The Cunningham and Faulkner treadmill test is a common test used to assess an individuals anaerobic fitness that only requires a treadmill. Simply set the treadmill to a 20 percent incline, an 8.0 mile speed, and run for as long as you can at this pace. If you hit 1 minute - you're doing very good. Before doing the test, make sure you are properly warmed up and are familiar with stepping on and off a moving tread.
Another simple way to assess how well you can maintain your anaerobic energy system is by performing the 300-metre shuttle test. For this procedure, set out 2 cones that are 10-metres apart, and sprint from one cone and back for a total of 15 laps (equalling a total of 300 metres). The time it takes you to complete the 300m is your score on the test.
If you are someone who prefers not to run - then you can also perform the 300m ROW test on a standard rowing ergometer machine.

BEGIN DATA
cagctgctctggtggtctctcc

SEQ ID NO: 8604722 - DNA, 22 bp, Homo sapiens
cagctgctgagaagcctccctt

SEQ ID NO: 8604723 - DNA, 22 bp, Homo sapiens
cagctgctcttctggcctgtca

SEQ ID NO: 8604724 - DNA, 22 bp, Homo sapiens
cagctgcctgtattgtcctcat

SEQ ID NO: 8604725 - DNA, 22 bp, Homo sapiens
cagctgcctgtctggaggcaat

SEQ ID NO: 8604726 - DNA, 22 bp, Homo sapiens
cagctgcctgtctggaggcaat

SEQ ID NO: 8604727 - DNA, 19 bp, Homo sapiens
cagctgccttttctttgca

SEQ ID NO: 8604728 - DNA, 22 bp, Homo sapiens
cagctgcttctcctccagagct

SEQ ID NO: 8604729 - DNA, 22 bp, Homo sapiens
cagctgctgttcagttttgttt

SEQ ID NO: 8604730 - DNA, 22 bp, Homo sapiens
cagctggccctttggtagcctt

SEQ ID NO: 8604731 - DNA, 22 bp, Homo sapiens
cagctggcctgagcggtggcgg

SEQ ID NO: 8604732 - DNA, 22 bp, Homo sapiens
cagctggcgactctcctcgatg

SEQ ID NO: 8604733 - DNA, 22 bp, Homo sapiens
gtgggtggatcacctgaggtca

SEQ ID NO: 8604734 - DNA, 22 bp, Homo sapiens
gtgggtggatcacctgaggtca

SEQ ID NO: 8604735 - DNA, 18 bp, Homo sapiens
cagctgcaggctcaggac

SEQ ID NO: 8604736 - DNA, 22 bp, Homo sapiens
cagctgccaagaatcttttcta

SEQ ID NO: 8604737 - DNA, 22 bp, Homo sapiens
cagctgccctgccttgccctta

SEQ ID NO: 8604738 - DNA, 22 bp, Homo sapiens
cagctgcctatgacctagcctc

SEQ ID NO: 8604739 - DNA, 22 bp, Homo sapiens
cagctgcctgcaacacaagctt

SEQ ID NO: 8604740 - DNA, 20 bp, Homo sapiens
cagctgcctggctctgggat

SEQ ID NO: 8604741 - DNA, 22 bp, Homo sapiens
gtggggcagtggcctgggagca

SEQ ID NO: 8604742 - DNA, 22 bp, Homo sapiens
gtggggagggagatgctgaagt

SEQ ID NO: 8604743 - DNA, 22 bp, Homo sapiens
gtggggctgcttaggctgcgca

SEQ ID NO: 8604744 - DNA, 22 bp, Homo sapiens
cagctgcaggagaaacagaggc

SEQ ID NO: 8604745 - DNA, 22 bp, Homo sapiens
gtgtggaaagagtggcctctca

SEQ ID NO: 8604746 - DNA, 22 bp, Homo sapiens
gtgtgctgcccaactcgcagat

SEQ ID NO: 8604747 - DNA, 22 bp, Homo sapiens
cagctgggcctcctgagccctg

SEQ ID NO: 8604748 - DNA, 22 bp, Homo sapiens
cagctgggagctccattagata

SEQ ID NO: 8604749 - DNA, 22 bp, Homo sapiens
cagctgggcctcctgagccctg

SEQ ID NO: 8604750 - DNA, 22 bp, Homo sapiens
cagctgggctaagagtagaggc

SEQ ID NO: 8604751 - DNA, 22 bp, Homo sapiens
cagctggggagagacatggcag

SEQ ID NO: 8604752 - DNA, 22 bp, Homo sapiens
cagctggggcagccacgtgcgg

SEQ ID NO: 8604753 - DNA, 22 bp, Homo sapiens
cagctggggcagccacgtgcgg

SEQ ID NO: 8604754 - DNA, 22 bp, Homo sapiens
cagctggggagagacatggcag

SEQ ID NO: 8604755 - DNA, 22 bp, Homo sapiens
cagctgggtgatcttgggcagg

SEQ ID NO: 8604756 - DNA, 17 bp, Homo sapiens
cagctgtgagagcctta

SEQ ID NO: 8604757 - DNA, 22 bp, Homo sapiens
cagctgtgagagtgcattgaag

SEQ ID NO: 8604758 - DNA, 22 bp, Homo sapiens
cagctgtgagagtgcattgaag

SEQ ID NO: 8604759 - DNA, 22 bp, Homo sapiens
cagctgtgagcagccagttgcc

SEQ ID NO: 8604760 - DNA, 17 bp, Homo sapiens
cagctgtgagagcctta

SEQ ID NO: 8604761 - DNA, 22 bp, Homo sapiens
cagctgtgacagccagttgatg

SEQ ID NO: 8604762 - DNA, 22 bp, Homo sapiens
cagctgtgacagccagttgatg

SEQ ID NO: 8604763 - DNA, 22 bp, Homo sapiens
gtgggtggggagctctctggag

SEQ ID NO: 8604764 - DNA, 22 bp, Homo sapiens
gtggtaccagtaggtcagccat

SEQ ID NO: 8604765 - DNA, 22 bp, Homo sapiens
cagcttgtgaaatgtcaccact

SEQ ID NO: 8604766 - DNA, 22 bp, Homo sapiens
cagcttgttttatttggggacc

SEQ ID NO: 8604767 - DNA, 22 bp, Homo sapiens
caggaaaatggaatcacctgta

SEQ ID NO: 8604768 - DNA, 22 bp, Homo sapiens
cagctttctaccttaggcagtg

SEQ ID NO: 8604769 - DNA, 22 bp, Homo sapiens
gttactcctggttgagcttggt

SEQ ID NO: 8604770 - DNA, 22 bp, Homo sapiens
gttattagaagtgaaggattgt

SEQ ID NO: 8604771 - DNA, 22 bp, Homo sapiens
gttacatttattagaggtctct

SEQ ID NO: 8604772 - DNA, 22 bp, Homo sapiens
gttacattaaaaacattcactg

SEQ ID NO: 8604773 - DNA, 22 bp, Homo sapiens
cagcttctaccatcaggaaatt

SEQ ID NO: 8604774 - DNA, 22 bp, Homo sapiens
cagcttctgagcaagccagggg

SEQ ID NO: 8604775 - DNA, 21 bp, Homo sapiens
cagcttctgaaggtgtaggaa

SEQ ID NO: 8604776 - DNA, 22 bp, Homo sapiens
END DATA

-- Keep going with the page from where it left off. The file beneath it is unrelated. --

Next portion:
Health and Recovery
Heart Rate Monitoring (Resting)
One of the easiest ways to measure your health and recovery is by monitoring your resting heart rate (HRrest). Do this by determing your heart rate (in beats per minute) during a rested state. For best results, HRrest should be measured first thing in the morning, before you get out of bed, every single morning. For the most part, a lower HRrest (for example, in the 45-60 beats per minute zone) indicates greater aerobic fitness and general health. Furthermore, if you know what your normal HRrest is, you can also use it to determine how well you are recovered and if you should train at a higher or lower intensity to avoid over training. If your HRrest increases more than 10%, its a good indication that you are either not completely recovered, or may have symptoms of being physically ill. In either case, your training intensity should be lowered until your HRrest returns to normal.